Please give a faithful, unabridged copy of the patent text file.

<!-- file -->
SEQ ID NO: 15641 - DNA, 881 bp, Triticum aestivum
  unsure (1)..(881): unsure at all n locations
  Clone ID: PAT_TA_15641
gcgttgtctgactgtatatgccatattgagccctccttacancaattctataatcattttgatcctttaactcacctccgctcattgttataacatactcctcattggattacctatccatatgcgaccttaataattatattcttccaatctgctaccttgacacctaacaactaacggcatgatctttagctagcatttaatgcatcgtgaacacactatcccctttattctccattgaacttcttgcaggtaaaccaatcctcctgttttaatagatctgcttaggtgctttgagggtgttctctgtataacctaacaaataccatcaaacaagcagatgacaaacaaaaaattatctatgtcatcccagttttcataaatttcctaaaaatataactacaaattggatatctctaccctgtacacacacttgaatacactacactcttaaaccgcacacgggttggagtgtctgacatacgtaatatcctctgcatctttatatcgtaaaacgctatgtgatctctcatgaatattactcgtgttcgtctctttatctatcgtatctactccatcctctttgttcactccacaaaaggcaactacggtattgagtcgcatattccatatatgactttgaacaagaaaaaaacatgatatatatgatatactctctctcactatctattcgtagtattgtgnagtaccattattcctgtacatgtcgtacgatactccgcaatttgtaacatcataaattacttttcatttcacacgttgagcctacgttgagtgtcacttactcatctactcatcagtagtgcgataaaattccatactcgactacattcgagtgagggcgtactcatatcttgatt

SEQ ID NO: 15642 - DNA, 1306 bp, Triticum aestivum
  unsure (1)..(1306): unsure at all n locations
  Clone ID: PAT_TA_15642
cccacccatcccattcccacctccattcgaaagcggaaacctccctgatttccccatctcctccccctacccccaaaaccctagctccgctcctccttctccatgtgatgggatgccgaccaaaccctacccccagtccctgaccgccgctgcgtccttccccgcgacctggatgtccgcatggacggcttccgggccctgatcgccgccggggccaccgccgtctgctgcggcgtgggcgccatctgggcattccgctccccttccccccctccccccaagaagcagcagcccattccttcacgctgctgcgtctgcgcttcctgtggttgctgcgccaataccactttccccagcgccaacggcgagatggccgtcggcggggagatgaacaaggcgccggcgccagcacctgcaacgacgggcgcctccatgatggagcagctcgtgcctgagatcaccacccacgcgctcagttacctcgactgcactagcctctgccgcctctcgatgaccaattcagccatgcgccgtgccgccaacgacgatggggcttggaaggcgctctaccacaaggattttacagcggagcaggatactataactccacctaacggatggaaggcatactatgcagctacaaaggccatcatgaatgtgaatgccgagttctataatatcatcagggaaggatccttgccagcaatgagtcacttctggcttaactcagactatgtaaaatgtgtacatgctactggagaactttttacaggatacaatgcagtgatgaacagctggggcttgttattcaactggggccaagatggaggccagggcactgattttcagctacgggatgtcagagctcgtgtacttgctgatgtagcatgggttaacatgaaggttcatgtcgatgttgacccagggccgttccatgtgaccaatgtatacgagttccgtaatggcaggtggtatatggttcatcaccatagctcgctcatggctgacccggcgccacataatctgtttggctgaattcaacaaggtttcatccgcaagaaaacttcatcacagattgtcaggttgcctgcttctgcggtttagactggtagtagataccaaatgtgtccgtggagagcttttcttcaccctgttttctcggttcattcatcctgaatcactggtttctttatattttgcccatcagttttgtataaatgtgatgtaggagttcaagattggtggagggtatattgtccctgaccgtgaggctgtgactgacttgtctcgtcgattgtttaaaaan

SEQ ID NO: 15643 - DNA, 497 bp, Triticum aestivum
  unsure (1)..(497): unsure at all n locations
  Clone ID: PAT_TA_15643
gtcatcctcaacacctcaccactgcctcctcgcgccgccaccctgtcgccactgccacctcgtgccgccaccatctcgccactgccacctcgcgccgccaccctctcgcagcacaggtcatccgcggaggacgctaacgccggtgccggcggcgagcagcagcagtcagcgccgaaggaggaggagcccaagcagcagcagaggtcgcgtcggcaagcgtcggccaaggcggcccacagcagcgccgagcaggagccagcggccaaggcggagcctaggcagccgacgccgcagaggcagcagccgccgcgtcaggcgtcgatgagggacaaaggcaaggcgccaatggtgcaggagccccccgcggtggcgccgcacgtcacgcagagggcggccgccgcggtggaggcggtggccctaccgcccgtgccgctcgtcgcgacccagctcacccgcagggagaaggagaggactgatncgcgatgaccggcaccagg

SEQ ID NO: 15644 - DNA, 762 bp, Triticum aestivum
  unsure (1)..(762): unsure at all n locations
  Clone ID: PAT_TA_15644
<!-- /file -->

SEQ ID NO: 15641 - DNA, 881 bp, Triticum aestivum
  unsure (1)..(881): unsure at all n locations
  Clone ID: PAT_TA_15641
gcgttgtctgactgtatatgccatattgagccctccttacancaattctataatcattttgatcctttaactcacctccgctcattgttataacatactcctcattggattacctatccatatgcgaccttaataattatattcttccaatctgctaccttgacacctaacaactaacggcatgatctttagctagcatttaatgcatcgtgaacacactatcccctttattctccattgaacttcttgcaggtaaaccaatcctcctgttttaatagatctgcttaggtgctttgagggtgttctctgtataacctaacaaataccatcaaacaagcagatgacaaacaaaaaattatctatgtcatcccagttttcataaatttcctaaaaatataactacaaattggatatctctaccctgtacacacacttgaatacactacactcttaaaccgcacacgggttggagtgtctgacatacgtaatatcctctgcatctttatatcgtaaaacgctatgtgatctctcatgaatattactcgtgttcgtctctttatctatcgtatctactccatcctctttgttcactccacaaaaggcaactacggtattgagtcgcatattccatatatgactttgaacaagaaaaaaacatgatatatatgatatactctctctcactatctattcgtagtattgtgnagtaccattattcctgtacatgtcgtacgatactccgcaatttgtaacatcataaattacttttcatttcacacgttgagcctacgttgagtgtcacttactcatctactcatcagtagtgcgataaaattccatactcgactacattcgagtgagggcgtactcatatcttgatt

SEQ ID NO: 15642 - DNA, 1306 bp, Triticum aestivum
  unsure (1)..(1306): unsure at all n locations
  Clone ID: PAT_TA_15642
cccacccatcccattcccacctccattcgaaagcggaaacctccctgatttccccatctcctccccctacccccaaaaccctagctccgctcctccttctccatgtgatgggatgccgaccaaaccctacccccagtccctgaccgccgctgcgtccttccccgcgacctggatgtccgcatggacggcttccgggccctgatcgccgccggggccaccgccgtctgctgcggcgtgggcgccatctgggcattccgctccccttccccccctccccccaagaagcagcagcccattccttcacgctgctgcgtctgcgcttcctgtggttgctgcgccaataccactttccccagcgccaacggcgagatggccgtcggcggggagatgaacaaggcgccggcgccagcacctgcaacgacgggcgcctccatgatggagcagctcgtgcctgagatcaccacccacgcgctcagttacctcgactgcactagcctctgccgcctctcgatgaccaattcagccatgcgccgtgccgccaacgacgatggggcttggaaggcgctctaccacaaggattttacagcggagcaggatactataactccacctaacggatggaaggcatactatgcagctacaaaggccatcatgaatgtgaatgccgagttctataatatcatcagggaaggatccttgccagcaatgagtcacttctggcttaactcagactatgtaaaatgtgtacatgctactggagaactttttacaggatacaatgcagtgatgaacagctggggcttgttattcaactggggccaagatggaggccagggcactgattttcagctacgggatgtcagagctcgtgtacttgctgatgtagcatgggttaacatgaaggttcatgtcgatgttgacccagggccgttccatgtgaccaatgtatacgagttccgtaatggcaggtggtatatggttcatcaccatagctcgctcatggctgacccggcgccacataatctgtttggctgaattcaacaaggtttcatccgcaagaaaacttcatcacagattgtcaggttgcctgcttctgcggtttagactggtagtagataccaaatgtgtccgtggagagcttttcttcaccctgttttctcggttcattcatcctgaatcactggtttctttatattttgcccatcagttttgtataaatgtgatgtaggagttcaagattggtggagggtatattgtccctgaccgtgaggctgtgactgacttgtctcgtcgattgtttaaaaan

SEQ ID NO: 15643 - DNA, 497 bp, Triticum aestivum
  unsure (1)..(497): unsure at all n locations
  Clone ID: PAT_TA_15643
gtcatcctcaacacctcaccactgcctcctcgcgccgccaccctgtcgccactgccacctcgtgccgccaccatctcgccactgccacctcgcgccgccaccctctcgcagcacaggtcatccgcggaggacgctaacgccggtgccggcggcgagcagcagcagtcagcgccgaaggaggaggagcccaagcagcagcagaggtcgcgtcggcaagcgtcggccaaggcggcccacagcagcgccgagcaggagccagcggccaaggcggagcctaggcagccgacgccgcagaggcagcagccgccgcgtcaggcgtcgatgagggacaaaggcaaggcgccaatggtgcaggagccccccgcggtggcgccgcacgtcacgcagagggcggccgccgcggtggaggcggtggccctaccgcccgtgccgctcgtcgcgacccagctcacccgcagggagaaggagaggactgatncgcgatgaccggcaccagg

SEQ ID NO: 15644 - DNA, 762 bp, Triticum aestivum
  unsure (1)..(762): unsure at all n locations
  Clone ID: PAT_TA_15644